The battle is not over yet. I remember Apple and Microsoft had a battle before. Every engineer knew that Apple's OS is better than Microsoft then. But MS had larger market share and was popular. So, Apple was almost dead. But, guess what? They resurrected by new innovations and now ...
This is Sad story with an Unexpected Ending, Please let me describe why.
Nowadays the Semiconductor industry entered the efficiency phase and Power Efficiency is one of the most important asset.
MIPS and SPARC ware the pioneers of RISC architecture. RISC Architecture in average uses a bit less power to execute an instruction.
So RISC processor’s using the same technology and same level of compiler will use a bit less power. More’s Law has given us the ability to put more (switches) transistors in the same area and better architectures both for the instruction set and for the power saving are giving us the ability to use those transistors (switches).
The problem of MIPS in my opinion stems from the focus on markets (Workstations, TV SOC, MPEG, STB’s wireless routers and switches) where they had no sustainable advantage and the Power Efficiency advantage was less important. The lack of focus on Application Processors and Android based mobile devices was what killed MIPS’s growth potential.
This division of the assets of MIPS looks very unusual and to put it in perspective using World War II comparison looks like Germany (MIPS) being divided between the Soviets and the Western alliance.
I would endeavor to guess that ARM and Imagination are looked in a mortal combat to be the IP that will reign supreme in portable devices with ARM also hedging for Data Centers.
What say you ??
Most non-engineering people today will be surprised to learn that ARM (Advanced RISC Machine) is a design spec out of Britain. This spec was a follow-on to simpler architectures like 6800 from Motorola and 6502 from MOS Technology. While some people considered these chips "CISC", by other definitions (like single instruction per clock) they were actually "RISC" which is why they seemed so powerful in early personal computers like the Commodore PET and the Apple 2. But these inexpensive chips did complicated things (like floating point) in software and so American companies pushed for CISC-like successors already found in American minicomputers like HP-3000, System-36, PDP-11 and VAX. We really see this CISC-thing get out of control with chips like Intel's Pentium line where streaming architectures (MMX, SSE, SSE2, etc.) do DSP under the acronym of SIMD (single instruction, multiple data). It was at this time you saw some American companies switch back to expensive "pure RISC" chips like SPARC (SUN), PA-RISC (HP), Alpha (DEC, developed after doing business with MIPS), POWER (IBM). Why? Because computing professionals already knew that RISC actually meant "Relegate Important Stuff to Compiler". The expensive RISC chips all died for one reason or another leaving the ARM design being the only one standing when companies wanted to expand from phones to smart-phones and pads. I find it slightly amusing that more of this technology is moving from the cowboy culture of America back to a more business-like culture of Britain.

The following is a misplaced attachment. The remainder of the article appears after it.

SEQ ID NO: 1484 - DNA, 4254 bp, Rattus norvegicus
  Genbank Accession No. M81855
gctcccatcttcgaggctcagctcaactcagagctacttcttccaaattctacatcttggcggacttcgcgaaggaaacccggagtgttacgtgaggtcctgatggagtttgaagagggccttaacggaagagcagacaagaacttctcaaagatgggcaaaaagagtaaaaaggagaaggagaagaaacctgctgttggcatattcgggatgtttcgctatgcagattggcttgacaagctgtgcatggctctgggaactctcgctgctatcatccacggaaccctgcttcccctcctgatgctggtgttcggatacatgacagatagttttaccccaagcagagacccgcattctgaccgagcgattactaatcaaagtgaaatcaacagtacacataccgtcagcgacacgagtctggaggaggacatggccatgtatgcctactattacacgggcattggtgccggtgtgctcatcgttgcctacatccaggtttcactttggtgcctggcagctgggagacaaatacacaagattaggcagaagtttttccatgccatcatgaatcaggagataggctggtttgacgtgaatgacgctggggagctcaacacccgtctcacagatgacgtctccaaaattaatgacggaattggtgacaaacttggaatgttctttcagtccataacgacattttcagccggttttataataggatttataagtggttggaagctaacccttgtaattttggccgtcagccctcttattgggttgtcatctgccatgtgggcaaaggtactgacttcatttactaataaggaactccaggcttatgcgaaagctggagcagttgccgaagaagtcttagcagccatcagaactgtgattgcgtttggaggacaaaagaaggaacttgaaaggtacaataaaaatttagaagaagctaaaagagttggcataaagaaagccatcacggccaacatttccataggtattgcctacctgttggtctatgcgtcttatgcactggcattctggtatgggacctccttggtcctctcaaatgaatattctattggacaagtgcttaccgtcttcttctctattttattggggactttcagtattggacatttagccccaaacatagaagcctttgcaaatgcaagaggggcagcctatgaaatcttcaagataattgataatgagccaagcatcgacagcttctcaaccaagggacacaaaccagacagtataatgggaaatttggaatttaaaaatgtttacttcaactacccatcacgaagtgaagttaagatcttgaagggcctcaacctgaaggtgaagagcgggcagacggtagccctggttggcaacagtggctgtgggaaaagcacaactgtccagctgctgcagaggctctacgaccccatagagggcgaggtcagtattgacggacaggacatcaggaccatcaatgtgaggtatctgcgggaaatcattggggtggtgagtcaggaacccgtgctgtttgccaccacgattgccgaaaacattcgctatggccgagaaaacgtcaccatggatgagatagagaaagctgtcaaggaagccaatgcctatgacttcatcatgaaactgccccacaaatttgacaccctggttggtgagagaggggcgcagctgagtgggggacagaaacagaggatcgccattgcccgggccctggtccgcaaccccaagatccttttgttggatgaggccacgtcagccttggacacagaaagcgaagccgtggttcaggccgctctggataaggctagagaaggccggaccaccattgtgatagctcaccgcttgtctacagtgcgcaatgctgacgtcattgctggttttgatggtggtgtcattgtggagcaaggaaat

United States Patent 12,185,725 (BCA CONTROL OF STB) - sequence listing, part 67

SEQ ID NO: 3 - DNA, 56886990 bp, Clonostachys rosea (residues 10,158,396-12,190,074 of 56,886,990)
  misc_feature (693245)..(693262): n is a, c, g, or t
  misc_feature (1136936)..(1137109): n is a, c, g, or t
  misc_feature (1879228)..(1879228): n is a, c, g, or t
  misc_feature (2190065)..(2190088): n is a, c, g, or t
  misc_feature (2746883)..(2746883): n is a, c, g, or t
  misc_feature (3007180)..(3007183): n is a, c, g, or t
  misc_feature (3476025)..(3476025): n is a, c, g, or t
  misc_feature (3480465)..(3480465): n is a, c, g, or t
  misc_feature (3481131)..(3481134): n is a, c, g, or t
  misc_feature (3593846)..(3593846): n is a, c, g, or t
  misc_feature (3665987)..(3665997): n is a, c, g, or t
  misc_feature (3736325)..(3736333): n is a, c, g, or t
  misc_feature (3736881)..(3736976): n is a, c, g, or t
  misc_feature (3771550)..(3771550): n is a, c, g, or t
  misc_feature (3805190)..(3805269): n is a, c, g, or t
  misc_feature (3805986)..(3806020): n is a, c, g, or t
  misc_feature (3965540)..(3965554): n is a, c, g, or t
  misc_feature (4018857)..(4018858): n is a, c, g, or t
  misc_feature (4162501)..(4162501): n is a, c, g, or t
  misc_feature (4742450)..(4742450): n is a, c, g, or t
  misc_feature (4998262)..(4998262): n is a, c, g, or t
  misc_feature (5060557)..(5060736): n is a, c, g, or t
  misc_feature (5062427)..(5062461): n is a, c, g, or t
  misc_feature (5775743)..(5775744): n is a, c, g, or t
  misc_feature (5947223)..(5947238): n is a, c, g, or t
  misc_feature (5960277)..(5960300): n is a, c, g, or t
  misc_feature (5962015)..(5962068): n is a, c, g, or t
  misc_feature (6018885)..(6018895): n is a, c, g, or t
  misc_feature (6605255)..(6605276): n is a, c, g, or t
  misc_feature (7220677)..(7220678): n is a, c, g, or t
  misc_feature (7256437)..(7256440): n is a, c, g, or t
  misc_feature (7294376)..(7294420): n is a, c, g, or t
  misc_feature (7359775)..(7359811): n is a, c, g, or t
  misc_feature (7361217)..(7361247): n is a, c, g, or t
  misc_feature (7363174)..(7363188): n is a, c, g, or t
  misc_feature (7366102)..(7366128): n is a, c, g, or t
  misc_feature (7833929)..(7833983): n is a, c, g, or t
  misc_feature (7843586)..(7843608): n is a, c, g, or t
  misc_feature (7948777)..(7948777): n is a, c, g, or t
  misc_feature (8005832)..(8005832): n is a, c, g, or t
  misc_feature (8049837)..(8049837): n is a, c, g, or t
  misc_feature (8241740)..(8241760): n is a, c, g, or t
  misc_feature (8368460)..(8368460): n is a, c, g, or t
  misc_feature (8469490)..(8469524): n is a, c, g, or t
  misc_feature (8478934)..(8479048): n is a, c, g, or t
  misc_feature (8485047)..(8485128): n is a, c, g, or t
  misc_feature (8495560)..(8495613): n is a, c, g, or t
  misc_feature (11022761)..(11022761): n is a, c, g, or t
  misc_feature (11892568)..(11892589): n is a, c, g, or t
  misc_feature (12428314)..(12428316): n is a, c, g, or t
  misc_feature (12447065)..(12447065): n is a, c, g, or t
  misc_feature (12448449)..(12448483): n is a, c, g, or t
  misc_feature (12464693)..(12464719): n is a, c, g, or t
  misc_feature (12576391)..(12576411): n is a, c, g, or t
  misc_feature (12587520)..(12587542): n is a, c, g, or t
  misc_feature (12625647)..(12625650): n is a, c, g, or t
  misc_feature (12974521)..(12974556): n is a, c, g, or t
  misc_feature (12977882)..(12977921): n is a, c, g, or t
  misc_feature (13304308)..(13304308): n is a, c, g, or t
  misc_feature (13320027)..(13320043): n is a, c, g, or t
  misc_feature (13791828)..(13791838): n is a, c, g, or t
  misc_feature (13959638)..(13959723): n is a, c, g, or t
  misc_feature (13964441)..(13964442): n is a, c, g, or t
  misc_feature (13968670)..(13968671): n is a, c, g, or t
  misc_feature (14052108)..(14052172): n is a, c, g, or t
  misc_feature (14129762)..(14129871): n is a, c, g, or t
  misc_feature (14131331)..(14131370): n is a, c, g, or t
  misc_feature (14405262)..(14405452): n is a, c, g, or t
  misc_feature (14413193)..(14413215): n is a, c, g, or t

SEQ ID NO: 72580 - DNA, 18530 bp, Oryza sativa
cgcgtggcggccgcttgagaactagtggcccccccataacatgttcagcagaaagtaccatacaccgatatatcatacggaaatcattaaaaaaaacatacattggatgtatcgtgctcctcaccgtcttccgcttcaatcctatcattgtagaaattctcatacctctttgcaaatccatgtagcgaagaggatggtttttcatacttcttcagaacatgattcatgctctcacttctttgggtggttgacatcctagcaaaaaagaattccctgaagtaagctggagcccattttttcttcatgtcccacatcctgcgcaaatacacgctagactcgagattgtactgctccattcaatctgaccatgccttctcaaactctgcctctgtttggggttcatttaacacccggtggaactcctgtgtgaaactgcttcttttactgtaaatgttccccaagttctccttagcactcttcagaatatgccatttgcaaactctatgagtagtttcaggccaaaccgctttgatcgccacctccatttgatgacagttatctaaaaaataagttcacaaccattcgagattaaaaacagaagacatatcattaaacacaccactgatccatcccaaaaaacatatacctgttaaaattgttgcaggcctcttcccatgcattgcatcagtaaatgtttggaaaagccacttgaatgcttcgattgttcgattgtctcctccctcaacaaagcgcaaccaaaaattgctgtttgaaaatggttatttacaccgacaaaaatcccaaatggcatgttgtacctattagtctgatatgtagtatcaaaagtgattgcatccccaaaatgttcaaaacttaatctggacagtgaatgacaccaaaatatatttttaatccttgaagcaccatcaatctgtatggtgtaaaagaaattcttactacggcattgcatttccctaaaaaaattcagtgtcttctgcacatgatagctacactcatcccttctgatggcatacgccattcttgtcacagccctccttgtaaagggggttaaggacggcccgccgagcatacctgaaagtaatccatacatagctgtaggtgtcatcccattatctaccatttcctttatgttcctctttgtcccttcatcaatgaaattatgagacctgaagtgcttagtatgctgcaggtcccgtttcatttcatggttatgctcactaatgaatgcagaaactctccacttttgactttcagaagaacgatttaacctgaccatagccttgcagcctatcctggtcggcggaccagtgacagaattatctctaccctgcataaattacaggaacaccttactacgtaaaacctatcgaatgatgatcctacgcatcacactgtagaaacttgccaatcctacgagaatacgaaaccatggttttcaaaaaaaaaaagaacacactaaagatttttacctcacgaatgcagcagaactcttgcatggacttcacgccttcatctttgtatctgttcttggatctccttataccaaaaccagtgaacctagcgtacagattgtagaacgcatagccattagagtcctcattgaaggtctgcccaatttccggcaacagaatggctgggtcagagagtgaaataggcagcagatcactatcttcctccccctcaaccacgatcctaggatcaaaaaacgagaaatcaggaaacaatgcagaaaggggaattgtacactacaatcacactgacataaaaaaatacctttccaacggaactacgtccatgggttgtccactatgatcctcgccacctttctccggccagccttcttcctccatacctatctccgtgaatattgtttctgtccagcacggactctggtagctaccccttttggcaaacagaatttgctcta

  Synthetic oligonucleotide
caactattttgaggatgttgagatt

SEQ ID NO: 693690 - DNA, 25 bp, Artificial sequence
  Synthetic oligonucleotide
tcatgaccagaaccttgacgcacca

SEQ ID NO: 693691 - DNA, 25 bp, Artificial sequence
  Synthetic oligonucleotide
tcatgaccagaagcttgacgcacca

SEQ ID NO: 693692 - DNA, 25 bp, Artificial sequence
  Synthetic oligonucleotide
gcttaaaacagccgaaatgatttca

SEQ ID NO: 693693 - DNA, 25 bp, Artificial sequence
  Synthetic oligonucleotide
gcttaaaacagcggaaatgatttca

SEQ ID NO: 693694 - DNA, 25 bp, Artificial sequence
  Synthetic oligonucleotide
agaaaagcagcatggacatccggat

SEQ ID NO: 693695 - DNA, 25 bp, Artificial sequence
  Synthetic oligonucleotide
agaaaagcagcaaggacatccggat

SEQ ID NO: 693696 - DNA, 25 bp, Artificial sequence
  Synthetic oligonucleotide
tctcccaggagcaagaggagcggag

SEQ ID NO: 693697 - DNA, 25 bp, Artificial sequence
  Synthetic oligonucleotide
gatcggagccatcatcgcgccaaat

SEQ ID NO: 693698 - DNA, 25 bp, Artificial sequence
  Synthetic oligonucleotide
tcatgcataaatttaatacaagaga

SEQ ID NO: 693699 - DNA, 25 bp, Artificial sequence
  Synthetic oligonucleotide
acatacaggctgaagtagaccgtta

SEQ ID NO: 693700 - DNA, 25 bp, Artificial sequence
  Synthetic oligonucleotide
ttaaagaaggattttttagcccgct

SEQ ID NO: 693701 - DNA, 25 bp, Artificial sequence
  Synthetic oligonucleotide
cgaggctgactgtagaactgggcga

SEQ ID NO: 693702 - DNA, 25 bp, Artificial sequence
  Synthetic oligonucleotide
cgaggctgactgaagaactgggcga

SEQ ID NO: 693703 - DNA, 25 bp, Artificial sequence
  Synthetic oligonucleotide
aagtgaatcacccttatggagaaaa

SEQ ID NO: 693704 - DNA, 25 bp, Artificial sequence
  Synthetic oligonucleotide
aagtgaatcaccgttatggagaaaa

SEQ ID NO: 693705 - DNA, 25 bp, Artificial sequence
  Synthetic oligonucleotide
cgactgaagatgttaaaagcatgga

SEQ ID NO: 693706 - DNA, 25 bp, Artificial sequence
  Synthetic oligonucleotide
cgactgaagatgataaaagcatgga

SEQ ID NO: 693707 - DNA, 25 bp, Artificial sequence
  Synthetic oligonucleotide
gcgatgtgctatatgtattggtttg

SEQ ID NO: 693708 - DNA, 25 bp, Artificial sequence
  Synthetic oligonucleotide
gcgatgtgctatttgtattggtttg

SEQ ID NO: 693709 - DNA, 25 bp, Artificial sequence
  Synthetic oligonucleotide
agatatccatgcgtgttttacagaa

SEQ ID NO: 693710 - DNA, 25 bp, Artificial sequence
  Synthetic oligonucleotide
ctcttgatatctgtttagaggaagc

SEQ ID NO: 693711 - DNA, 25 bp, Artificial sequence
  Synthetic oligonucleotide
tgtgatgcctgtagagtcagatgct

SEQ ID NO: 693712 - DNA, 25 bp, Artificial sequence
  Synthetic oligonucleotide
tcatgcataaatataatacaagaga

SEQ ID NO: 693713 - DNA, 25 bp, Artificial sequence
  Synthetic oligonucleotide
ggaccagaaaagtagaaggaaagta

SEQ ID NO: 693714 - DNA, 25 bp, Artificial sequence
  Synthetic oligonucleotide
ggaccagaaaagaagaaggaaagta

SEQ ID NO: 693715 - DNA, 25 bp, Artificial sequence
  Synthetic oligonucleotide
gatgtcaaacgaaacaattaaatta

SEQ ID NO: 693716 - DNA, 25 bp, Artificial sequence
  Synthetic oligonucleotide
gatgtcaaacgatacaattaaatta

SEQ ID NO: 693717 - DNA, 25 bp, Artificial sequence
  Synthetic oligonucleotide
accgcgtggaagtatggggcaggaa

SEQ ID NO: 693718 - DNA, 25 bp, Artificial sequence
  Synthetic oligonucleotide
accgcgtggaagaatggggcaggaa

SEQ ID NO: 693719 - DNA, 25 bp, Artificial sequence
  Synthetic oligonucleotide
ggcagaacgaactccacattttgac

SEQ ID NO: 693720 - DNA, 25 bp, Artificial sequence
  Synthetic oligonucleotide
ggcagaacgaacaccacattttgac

Well, what else could they say? We bought this biz and we will kill it now??? Large number of companies in the last 20 years said that will keep the technology but quietly or not so quietly killed it later on
Sure that is what they would say but what is the long term viability of that approach. If MIPs could not survive on its own how will imagination push MIPS designs?
I think this is a short term strategy to continue supporting existing customers so they don't get sued by them for violating support contracts.
Imagination CEO also talked about a lot of similarities between its Meta CPU and that of MIPS.
The follow-up analysis story, discussing the promise by Imagination that it won't kill MIPS, is posted here:
A Book For All Reasons Bernard Cole1 Comment Robert Oshana's recent book "Software Engineering for Embedded Systems (Newnes/Elsevier)," written and edited with Mark Kraeling, is a 'book for all reasons.' At almost 1,200 pages, it ...